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On college football: Playoff system could suffer a sophomore slump

Cody Kessler

USC quarterback Cody Kessler loosens up alongside Max Browne before the Trojans’ annual spring game on Saturday at the Coliseum.

(Gina Ferazzi / Los Angeles Times)

The first season of the College Football Playoff could have gone better only had Donald Trump and Megyn Kelly been added to the coverage team.

The national semifinals and championship game garnered the three highest ratings in the history of cable television.

The matchups and venues were terrific, with the sun-splashed Rose Bowl handing off to the Sugar Bowl to cap a New Year’s Day spectacular.

You could predict that we were off and running to a sensational 12-year contract of rotating bowls and story lines.

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Or you can ask: What if college football just got lucky early?

What if the Big 12 Conference champion gets snubbed again and this time Texas Christian Coach Gary Patterson doesn’t take the high road?

What if the Southeastern Conference goes a third straight year without winning the national title?

What if the committee puts Boise State into the playoff and it, like its field, turns blue?

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Season Two doesn’t set up as well as the original. The semifinal bowls, Orange and Cotton, will be played Dec. 31, leaving the Rose and Sugar as afterthought games on Jan. 1.

The Rose Bowl is contracted to host the Pac-12 and Big Ten conference champions, and the Sugar Bowl gets the SEC versus Big 12. There is a chance all four of those champions will make up the field for the national semifinals.

The Rose Bowl used to feature chariot races, and this would be another example of putting the cart before the horse.

ESPN, which is on the money hook for all this, tried to get the semifinals moved to Saturday, Jan. 2. “And we said, ‘No thanks,’” said Bill Hancock, executive director of the College Football Playoff.

The season starts on big-bang Thursday, with Jim Harbaugh making his debut as Michigan’s coach at Utah, and title-contender Texas Christian at Minnesota. The Gophers are led by last season’s Big Ten coach of the year, Jerry Kill, who beat out some guy named Urban Meyer.

The season ends Monday, Jan. 11, 2016, with the national title game at University of Phoenix Stadium in Arizona.

This is already shaping up as the season of the transfer quarterback: Everett Golson moved from Notre Dame to Florida State, Vernon Adams from Eastern Washington to Oregon, and Greyson Lambert from Virginia to Georgia.

Quarterbacks might as well be advertising like properties on Craig’s List: “Former five-star available for one-year lease. Must offer graduate programs in ‘Parks & Recreation’ or ‘Mandarin Chinese’ (the food, not the language).”

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Final preseason thoughts and predictions:

Heisman Trophy

Top candidates: Any “The” Ohio State quarterback or “The” running back, Ezekiel Elliott; Georgia running back Nick Chubb; USC quarterback Cody Kessler; Alabama running back Derrick Henry; Clemson quarterback Deshaun Watson.

Sleeper pick: Oregon quarterback Vernon Adams.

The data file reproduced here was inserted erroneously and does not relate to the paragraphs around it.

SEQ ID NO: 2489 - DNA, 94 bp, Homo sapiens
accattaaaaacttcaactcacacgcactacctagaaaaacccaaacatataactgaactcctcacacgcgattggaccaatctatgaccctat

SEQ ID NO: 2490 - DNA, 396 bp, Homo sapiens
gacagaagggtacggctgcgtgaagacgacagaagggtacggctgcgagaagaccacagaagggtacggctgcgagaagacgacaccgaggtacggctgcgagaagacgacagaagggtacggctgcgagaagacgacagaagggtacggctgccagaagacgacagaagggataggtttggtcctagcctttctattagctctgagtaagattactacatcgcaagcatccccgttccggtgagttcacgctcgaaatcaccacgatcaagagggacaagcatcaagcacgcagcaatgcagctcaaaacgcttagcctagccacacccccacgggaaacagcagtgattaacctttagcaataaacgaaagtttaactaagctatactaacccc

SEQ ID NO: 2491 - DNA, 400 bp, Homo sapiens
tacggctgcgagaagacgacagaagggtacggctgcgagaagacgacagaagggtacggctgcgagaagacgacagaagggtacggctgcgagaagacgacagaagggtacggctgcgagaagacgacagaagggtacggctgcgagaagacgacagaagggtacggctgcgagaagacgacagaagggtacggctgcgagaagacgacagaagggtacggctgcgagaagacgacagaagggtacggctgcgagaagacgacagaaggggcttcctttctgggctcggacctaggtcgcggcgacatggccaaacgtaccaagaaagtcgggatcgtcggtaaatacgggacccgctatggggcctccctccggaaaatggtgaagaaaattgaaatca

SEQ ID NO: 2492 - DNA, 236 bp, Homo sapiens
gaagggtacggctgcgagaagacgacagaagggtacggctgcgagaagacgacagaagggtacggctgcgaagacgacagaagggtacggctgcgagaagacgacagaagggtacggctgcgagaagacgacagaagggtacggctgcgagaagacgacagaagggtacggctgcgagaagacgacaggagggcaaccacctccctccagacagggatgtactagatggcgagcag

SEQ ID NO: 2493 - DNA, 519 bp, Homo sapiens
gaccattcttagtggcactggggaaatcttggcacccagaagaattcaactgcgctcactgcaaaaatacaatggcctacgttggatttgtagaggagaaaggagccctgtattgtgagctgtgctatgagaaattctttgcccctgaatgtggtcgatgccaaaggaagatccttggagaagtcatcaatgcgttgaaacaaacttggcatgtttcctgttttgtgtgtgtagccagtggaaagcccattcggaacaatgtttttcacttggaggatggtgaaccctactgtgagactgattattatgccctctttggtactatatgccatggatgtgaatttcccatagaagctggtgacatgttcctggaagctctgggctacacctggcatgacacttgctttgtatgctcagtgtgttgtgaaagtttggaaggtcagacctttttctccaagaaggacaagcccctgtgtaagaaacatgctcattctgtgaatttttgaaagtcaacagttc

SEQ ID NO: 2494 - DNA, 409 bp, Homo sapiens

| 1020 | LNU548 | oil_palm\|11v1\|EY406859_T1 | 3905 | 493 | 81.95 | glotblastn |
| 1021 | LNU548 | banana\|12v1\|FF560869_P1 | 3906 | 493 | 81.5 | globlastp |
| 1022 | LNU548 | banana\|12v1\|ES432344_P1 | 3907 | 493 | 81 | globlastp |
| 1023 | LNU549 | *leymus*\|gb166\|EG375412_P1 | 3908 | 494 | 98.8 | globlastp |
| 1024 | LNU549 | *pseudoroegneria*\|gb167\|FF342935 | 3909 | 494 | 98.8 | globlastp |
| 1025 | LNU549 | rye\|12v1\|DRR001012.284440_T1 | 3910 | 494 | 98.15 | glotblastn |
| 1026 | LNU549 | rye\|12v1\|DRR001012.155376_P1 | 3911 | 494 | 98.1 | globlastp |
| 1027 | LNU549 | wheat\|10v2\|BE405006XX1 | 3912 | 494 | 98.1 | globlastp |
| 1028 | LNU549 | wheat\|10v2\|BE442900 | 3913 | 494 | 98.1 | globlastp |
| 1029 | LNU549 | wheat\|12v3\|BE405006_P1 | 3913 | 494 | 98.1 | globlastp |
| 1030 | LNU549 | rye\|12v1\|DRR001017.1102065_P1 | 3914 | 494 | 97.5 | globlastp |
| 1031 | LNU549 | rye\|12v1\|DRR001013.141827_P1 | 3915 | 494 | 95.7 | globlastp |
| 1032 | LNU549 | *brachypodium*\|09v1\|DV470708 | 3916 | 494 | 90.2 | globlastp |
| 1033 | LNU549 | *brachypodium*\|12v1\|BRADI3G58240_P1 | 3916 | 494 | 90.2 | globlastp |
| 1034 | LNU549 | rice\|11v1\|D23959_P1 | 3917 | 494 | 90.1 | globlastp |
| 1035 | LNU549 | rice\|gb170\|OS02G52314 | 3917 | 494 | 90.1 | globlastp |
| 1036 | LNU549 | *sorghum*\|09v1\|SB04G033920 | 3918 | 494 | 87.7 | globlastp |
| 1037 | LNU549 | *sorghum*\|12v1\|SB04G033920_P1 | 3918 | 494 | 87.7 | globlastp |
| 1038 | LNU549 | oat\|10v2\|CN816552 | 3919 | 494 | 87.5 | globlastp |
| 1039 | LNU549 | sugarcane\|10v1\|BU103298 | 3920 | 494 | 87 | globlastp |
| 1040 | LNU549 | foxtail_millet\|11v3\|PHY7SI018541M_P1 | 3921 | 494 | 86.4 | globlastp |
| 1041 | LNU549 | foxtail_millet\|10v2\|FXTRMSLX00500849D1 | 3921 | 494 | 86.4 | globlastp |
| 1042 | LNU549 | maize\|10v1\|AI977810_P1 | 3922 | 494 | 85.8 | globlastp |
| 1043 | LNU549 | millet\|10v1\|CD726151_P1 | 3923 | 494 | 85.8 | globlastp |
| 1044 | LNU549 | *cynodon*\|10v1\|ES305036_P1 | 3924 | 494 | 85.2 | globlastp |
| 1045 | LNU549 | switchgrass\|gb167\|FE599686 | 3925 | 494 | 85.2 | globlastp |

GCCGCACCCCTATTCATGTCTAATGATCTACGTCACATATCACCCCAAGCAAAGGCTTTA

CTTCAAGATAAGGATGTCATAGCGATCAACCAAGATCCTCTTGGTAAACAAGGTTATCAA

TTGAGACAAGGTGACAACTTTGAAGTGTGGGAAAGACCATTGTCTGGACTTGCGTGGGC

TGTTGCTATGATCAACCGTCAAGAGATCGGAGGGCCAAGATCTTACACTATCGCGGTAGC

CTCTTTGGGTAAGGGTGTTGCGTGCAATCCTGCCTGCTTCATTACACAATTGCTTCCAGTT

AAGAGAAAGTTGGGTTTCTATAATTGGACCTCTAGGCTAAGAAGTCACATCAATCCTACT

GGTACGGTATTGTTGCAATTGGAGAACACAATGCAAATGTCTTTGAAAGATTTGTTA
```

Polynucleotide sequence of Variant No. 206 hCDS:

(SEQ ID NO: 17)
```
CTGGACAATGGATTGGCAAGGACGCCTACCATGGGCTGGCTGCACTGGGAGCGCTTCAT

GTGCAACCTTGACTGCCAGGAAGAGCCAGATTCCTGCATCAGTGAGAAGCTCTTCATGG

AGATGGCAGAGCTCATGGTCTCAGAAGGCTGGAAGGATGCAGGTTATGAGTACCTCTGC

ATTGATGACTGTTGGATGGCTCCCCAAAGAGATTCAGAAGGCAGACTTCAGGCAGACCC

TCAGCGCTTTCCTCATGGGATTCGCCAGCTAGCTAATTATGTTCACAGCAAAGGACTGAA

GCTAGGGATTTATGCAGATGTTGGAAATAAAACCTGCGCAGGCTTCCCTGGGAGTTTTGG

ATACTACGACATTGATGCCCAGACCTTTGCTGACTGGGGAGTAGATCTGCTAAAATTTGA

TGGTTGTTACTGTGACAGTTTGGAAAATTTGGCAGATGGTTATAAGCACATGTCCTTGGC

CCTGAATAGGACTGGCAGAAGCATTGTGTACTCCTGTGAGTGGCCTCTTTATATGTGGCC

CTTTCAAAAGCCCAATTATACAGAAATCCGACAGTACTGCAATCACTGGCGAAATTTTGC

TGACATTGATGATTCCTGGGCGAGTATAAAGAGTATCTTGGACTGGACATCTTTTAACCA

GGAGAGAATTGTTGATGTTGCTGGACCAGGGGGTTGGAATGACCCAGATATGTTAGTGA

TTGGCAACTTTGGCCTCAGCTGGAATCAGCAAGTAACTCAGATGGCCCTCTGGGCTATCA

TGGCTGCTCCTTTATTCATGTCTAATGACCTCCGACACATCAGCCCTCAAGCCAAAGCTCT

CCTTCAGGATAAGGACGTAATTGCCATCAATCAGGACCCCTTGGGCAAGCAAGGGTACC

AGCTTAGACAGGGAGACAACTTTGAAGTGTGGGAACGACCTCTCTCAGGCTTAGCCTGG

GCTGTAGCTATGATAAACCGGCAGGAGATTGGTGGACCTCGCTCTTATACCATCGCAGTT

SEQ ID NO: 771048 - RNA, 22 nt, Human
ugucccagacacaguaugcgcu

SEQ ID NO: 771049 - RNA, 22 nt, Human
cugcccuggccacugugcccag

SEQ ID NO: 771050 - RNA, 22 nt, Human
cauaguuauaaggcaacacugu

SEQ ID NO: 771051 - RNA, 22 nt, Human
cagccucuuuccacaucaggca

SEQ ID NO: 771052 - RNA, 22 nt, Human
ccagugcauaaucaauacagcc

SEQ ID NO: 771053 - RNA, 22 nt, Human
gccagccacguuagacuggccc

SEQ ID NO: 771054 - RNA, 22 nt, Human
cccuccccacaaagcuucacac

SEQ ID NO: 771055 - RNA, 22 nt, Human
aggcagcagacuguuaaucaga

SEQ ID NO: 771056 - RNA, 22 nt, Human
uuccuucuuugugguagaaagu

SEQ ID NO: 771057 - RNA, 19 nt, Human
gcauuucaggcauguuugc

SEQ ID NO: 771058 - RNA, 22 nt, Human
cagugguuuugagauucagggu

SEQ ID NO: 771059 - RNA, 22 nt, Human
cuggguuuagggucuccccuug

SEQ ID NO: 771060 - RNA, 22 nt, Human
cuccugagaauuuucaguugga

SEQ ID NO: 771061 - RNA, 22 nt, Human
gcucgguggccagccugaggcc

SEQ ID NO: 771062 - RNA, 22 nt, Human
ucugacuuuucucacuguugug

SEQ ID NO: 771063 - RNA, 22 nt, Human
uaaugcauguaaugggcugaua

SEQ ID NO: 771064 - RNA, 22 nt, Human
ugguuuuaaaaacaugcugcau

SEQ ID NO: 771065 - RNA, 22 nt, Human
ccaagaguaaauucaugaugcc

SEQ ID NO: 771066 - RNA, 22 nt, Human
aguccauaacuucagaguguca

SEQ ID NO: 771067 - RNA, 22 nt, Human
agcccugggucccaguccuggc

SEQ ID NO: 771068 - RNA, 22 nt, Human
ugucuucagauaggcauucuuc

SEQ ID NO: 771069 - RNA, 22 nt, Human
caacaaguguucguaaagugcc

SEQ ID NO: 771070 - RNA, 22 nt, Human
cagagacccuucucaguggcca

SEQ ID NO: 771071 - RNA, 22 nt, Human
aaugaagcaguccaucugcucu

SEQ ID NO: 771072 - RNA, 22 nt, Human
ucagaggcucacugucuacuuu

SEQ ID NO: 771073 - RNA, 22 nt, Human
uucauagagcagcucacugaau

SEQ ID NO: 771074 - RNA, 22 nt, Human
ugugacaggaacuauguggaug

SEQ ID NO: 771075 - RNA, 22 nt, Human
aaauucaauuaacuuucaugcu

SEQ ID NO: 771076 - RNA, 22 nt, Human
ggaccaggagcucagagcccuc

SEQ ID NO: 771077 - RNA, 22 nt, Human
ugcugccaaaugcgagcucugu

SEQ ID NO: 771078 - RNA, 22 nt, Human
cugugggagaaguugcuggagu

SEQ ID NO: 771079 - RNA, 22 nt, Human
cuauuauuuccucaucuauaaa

Winner: Texas Christian quarterback Trevone Boykin.

Conference winners

Pac 12: Oregon; the late addition of Adams puts the Ducks over the top.

Big Ten: Ohio State; Michigan isn’t ready to challenge yet, but Michigan State could win at Columbus on Nov. 21

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Southeastern: Alabama; if the defense doesn’t improve, Lane Kiffin might have to scream at Nick Saban on the sideline.

Big 12: Texas Christian; Deja U? It may all come down to Baylor at TCU on Nov. 27, with the winner possibly getting left out of the playoff.

Atlantic Coast: Clemson; Tigers finally get out of Florida State’s shadow — if they can get out of their own way.

Mountain West: Boise State; violators will be towed for parking in Broncos’ reserved spot among best-of-the-rest conference champions.

American Athletic; Cincinnati; quarterback Gunner Kiel committed to making Bearcats special after at different times committing to Indiana, Notre Dame and Louisiana State.

Conference USA: Marshall; Thundering Herd’s only loss last season was 67-66, in overtime, to Western Kentucky.

Mid-American: Toledo; the Rockets open with Stony Brook and then head to Arkansas.

Sun Belt: Arkansas State; just kidding, USC, although the Red Wolves should not be overlooked. The Sun Belt team to beat is Appalachian State, which shocked Michigan in a 2007 opener, the same year 40-point underdog Stanford shocked USC at the Coliseum.

Game of the season, national: Alabama at Auburn on Nov. 28.

Game of year, local: UCLA at USC on Nov. 28.

Biggest game for USC Athletic Director Pat Haden: Stanford at USC on Sept. 19. Haden ran down from the press box against Stanford last year in defense of first-year Coach Steve Sarkisian. Victory this year could stabilize a sticky situation; a loss could send the program off a deep end.

Top bowl picks:

Rose: Arizona State vs. Michigan State. (I liked USC for the Pac-12’s spot here, but recent events have shaken my confidence.) Sugar: Baylor vs. Auburn. Fiesta: Boise State vs. Florida State. Peach: Clemson vs. Georgia. Cotton/national semifinal: TCU vs. Oregon. Orange/national semifinal: Ohio State vs. Alabama. National championship: TCU over Ohio State.

chris.dufresne@latimes.com


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